Two authors create factual stories of cities

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Lion's Roar/Larshell Green
C. Howard Nichols signs his recently released book following the Author’s Salon.
Nichols is an emiretus professor of the university in history.
 

Local writers Katie Wainwright and C. Howard Nichols spoke at the recent Author’s Salon, which gives authors the opportunity to discuss their current works and the inspiration behind them in an intimate environment.

The event was held Thursday, August 17 at the Hammond Regional Arts Center from 5:30 to 8:30 p.m. Both authors, who formed a friendship at Southeastern, discussed their books that are based on cities. Nichols’ book “Stories of a River Town: Covington, Louisiana at 200 Years” is based in Covington, Louisiana. Wainwright’s book, “Pohainake Parish,” is a factual story based on a fictional town.

Nichols was born in St. Louis and lived in Covington for two years while attending St. Paul’s Catholic School. He attended Southeastern, graduating with a bachelor of arts and earned a master of history at Louisiana State University.

He taught at St. Joseph and Abbey Seminary College for 13 years before accepting a position at Southeastern in 1958. At Southeastern, Nichols taught emeritus for forty years and retired in 1998.

 “Stories of a River Town: Covington, Louisiana at 200 Years” is a potpourri of Covington culture. It features a collection of essays written by Nichols and other authors that are enriched with photographs, artifacts, articles and Covington landmarks, such as the Southern Hotel.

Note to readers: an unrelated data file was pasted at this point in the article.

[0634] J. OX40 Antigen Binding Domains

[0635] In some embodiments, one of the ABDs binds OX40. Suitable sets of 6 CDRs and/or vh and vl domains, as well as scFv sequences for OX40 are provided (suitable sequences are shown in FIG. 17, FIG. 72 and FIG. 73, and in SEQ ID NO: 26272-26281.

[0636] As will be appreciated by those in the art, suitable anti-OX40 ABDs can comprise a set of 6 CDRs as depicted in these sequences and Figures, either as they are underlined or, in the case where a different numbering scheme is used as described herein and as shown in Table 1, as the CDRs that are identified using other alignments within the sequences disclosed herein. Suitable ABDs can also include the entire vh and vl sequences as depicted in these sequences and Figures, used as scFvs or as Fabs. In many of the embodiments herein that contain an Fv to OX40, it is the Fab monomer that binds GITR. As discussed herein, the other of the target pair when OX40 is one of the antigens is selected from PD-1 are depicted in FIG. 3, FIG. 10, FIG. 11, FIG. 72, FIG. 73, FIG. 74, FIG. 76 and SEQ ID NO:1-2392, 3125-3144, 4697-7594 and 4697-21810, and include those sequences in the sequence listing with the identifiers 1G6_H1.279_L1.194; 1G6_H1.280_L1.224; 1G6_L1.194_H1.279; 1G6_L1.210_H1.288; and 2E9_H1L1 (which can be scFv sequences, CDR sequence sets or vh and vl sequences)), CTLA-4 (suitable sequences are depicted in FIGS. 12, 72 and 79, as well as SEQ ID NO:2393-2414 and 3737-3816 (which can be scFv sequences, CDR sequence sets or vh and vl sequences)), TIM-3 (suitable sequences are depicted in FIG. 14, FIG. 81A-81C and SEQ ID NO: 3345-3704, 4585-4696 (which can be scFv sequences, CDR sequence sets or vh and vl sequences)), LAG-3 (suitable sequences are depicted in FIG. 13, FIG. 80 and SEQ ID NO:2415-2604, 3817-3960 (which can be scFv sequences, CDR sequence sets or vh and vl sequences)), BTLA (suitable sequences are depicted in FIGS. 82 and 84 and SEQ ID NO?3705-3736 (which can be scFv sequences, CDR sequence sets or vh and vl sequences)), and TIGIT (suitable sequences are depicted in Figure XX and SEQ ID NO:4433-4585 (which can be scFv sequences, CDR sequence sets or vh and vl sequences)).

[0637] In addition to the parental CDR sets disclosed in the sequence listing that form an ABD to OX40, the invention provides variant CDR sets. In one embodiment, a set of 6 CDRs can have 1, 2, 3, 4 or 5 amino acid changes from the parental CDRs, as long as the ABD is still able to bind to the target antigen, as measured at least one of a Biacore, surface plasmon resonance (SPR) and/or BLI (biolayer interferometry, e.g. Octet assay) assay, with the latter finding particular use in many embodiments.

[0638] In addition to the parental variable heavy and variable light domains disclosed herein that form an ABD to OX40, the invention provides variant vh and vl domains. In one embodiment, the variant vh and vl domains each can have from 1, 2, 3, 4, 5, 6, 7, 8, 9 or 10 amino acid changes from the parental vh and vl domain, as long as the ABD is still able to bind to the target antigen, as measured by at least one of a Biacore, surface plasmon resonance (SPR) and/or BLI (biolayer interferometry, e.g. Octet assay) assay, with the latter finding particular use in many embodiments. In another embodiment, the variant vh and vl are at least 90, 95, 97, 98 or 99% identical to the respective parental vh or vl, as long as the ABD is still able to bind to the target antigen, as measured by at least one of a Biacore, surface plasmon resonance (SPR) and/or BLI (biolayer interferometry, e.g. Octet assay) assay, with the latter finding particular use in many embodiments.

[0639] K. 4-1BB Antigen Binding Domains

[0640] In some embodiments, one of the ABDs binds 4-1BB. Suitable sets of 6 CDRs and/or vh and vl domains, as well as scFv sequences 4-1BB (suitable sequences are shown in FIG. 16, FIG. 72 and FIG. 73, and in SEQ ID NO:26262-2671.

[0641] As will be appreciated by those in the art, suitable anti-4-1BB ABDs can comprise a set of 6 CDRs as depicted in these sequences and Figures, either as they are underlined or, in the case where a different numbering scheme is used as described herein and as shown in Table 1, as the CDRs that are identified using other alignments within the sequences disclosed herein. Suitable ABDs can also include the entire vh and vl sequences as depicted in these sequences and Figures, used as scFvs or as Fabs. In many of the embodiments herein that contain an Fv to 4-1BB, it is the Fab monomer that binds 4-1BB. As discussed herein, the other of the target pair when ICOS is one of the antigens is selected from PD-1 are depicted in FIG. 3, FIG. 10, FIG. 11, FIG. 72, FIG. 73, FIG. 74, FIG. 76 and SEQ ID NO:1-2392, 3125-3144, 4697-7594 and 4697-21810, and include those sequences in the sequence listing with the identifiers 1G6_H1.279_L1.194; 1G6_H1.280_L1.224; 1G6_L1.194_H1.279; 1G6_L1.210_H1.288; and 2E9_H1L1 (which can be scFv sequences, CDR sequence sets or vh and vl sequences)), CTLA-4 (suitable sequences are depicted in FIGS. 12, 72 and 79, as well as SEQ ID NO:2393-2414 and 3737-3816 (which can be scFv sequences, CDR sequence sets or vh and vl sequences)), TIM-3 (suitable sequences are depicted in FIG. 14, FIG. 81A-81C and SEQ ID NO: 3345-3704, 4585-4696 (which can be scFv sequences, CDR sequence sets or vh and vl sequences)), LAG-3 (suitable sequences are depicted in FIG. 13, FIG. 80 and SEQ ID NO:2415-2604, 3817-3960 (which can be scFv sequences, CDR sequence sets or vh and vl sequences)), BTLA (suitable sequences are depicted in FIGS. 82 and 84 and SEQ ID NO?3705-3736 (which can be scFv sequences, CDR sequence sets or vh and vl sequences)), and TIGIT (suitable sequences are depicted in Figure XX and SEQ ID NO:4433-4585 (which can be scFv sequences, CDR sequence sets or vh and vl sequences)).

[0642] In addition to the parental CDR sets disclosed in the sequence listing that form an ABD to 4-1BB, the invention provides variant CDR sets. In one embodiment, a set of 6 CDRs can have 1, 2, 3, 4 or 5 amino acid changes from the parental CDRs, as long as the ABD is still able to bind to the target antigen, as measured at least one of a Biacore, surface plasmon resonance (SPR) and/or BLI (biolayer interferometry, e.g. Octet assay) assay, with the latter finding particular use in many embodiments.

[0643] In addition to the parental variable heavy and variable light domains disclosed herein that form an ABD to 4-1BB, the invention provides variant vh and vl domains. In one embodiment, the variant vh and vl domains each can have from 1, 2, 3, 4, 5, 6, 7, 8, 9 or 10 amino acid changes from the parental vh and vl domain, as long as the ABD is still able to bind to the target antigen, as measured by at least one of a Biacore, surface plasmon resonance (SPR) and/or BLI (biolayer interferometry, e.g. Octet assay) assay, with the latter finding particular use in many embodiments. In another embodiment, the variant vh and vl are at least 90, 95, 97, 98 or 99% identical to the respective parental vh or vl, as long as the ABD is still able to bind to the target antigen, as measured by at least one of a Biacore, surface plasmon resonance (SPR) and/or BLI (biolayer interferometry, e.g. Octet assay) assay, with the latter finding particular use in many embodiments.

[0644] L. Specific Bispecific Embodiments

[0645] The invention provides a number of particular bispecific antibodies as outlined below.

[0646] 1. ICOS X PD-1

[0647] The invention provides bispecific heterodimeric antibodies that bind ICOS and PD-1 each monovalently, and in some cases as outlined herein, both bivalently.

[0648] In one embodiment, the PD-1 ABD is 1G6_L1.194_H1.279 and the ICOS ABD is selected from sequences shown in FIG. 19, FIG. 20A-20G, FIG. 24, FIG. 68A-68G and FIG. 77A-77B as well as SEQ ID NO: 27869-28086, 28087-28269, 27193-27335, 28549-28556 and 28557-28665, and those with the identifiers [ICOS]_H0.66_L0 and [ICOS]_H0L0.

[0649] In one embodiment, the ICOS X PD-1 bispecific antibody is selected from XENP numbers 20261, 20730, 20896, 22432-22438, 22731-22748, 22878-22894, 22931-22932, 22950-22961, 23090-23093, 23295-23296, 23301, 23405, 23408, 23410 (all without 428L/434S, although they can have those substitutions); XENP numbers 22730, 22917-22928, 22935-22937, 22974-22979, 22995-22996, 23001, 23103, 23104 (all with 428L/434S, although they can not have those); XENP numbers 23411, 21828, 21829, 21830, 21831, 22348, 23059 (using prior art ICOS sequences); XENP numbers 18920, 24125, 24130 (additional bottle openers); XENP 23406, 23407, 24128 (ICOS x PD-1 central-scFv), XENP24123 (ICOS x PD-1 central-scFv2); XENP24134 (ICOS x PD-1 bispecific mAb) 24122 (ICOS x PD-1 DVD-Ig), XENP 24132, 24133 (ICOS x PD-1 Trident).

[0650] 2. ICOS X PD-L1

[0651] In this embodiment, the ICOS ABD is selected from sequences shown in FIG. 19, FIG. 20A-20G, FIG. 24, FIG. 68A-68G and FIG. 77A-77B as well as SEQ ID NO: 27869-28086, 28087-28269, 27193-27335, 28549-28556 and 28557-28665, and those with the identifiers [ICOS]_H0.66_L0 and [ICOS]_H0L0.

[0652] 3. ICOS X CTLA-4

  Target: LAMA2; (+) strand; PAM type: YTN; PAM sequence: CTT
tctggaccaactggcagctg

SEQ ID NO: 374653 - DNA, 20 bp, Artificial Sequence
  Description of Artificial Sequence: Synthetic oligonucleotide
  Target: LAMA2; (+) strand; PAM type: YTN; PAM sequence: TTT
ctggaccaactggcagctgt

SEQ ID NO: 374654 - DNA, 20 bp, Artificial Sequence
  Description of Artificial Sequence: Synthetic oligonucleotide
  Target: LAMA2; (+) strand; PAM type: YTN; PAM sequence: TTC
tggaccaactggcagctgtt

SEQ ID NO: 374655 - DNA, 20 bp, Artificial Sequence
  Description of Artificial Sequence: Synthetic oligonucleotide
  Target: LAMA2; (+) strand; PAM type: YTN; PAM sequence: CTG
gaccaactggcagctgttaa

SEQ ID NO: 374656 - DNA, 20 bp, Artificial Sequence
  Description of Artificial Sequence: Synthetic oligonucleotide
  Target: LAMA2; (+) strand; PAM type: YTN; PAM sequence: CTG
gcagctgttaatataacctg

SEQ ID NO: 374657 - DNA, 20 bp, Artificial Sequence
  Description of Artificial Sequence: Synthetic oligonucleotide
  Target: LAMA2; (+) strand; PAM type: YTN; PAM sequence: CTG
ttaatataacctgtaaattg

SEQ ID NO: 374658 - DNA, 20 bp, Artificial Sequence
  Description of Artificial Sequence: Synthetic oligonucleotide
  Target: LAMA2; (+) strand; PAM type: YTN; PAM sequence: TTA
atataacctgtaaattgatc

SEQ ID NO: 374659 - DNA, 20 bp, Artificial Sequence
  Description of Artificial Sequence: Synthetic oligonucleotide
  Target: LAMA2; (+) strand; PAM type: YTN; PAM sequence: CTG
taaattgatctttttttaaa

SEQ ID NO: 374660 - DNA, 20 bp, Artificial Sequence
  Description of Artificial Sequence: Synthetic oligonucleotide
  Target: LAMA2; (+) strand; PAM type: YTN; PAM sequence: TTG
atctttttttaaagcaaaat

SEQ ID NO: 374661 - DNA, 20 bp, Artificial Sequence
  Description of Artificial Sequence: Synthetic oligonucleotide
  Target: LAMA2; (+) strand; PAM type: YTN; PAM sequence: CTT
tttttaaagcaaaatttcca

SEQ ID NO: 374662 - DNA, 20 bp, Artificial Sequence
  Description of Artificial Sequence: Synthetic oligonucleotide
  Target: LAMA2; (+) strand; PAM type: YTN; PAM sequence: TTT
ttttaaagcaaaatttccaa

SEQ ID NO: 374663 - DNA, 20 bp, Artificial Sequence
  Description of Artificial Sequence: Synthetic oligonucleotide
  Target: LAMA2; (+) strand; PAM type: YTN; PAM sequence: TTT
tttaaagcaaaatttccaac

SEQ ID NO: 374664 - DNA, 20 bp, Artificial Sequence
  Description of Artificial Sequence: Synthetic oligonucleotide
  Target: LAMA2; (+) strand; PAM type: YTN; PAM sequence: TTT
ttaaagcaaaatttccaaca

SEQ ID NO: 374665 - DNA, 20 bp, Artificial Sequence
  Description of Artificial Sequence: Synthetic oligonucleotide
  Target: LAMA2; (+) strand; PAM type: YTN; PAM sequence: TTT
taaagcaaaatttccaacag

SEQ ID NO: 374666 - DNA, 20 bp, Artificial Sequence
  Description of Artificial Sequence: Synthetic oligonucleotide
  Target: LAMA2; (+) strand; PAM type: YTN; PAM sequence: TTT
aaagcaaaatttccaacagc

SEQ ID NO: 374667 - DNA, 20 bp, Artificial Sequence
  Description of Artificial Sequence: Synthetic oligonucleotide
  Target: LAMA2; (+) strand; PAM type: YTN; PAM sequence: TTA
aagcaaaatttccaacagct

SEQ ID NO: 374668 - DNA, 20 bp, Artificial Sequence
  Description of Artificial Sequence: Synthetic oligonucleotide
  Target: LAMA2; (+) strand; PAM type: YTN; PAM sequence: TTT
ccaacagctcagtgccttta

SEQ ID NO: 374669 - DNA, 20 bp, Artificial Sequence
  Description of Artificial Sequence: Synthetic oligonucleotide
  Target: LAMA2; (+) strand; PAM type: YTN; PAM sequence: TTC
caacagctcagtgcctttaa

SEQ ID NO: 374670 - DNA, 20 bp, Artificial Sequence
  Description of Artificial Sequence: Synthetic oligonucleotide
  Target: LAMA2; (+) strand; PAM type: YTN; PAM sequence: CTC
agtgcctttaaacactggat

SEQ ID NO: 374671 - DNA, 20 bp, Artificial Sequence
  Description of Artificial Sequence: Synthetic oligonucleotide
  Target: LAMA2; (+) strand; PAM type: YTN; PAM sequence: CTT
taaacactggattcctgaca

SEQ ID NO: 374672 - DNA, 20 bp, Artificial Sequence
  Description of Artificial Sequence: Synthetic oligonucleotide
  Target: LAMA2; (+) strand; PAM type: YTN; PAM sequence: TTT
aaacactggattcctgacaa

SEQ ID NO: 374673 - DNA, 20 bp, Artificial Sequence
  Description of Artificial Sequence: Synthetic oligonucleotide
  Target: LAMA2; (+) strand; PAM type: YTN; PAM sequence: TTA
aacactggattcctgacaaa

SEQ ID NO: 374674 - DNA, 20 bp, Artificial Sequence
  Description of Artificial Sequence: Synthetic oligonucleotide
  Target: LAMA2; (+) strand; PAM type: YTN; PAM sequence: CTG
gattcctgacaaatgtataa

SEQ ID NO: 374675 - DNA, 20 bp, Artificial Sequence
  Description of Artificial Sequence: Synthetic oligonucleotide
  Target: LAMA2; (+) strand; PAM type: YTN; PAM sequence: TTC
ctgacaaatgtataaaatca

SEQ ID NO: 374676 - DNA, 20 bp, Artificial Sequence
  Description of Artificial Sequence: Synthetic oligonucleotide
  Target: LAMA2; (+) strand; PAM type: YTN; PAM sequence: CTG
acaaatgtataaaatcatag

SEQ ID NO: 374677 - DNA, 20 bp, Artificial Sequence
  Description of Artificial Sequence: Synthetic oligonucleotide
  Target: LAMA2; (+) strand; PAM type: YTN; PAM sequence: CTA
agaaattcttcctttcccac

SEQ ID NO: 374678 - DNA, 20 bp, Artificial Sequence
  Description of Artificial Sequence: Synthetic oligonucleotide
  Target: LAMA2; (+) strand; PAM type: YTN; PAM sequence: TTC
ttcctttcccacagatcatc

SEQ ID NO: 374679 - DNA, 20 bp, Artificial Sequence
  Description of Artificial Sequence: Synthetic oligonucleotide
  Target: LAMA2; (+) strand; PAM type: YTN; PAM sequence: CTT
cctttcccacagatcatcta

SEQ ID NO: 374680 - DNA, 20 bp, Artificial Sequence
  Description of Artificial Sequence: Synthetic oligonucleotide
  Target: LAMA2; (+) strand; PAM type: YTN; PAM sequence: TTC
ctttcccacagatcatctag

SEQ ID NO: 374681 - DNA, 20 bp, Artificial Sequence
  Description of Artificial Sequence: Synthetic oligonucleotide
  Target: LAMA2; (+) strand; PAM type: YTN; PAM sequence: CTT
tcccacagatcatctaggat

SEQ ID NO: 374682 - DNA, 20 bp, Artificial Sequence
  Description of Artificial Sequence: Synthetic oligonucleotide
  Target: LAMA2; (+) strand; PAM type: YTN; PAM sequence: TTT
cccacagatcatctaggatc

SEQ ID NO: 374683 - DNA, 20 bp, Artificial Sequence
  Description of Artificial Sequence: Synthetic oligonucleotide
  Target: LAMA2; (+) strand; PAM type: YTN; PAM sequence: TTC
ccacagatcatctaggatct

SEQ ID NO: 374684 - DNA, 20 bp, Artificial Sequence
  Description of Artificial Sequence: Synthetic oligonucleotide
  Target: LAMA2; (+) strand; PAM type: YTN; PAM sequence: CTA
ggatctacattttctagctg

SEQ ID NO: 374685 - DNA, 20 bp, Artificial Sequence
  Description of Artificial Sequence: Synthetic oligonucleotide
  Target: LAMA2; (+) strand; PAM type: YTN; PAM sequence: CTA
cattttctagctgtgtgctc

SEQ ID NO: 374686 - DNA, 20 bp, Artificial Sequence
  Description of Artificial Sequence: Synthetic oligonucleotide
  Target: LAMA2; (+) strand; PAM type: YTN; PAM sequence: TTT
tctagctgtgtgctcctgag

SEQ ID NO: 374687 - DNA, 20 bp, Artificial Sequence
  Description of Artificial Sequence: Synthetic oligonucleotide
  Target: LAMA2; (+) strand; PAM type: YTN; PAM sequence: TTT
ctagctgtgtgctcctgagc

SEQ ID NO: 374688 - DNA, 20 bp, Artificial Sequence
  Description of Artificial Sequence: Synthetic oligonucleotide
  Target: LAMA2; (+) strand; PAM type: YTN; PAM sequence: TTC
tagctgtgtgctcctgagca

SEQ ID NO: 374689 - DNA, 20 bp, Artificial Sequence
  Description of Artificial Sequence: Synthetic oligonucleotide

Nichols refers to Covington as an “uncommonly beautiful place.” He thinks that it is more beautiful now than it has ever been.

“The physical setting, the trees, the shrubbery and river are all inspirations of the book,” said Nichols. 

Nichols hopes his book will be a lasting remembrance of Covington’s history.

Wainwright was born and raised in Cuba. She came to Hammond when she attended Southeastern High School. She later attended Southeastern Louisiana University and earned a bachelor’s degree in education.

She was a real estate agent at Katie Wainwright Realty. She then became a member of the Tangipahoa Parish Council. She has experience writing for the Hammond Daily Star and the Hammond Sun. Some of Wainwright’s articles have been published in the Chicago Tribune. 

Wainwright admits that she has always loved to write as a hobby. Her column “Travelin” was influenced by her own personal experiences with traveling. Many of her books feature places locally and from other parts of the world, like Cuba. Recalling these places and events gives her inspiration for her books.

 “Being to a lot of places gives me more accurate descriptions,” said Wainwright. 

Wainwright describes her book as “factions,” which means fictions based on facts. Her book, “Pohainake Parish” is an inside look into a fictional town’s council members.

 “I want people to know how difficult government is,” said Wainwright. 

Wainwright accredits Hammond for some of her writing. She sees it as a great place to raise a family, have friends and get a good education. She believes that her favorite book will be the next one that she creates.

Nichols will appear at the Livingston Parish book fair on November 7. 

Wainwright will appear at book clubs in Hammond and Ponchatoula. For more information on her, visit her website at www.katiewainwright.com.

The next Author’s Salon event will feature Clayton Delery-Edwards on October 15. 

For more information on upcoming events, visit hammondarts.org, call 985-542-7113 or email [email protected]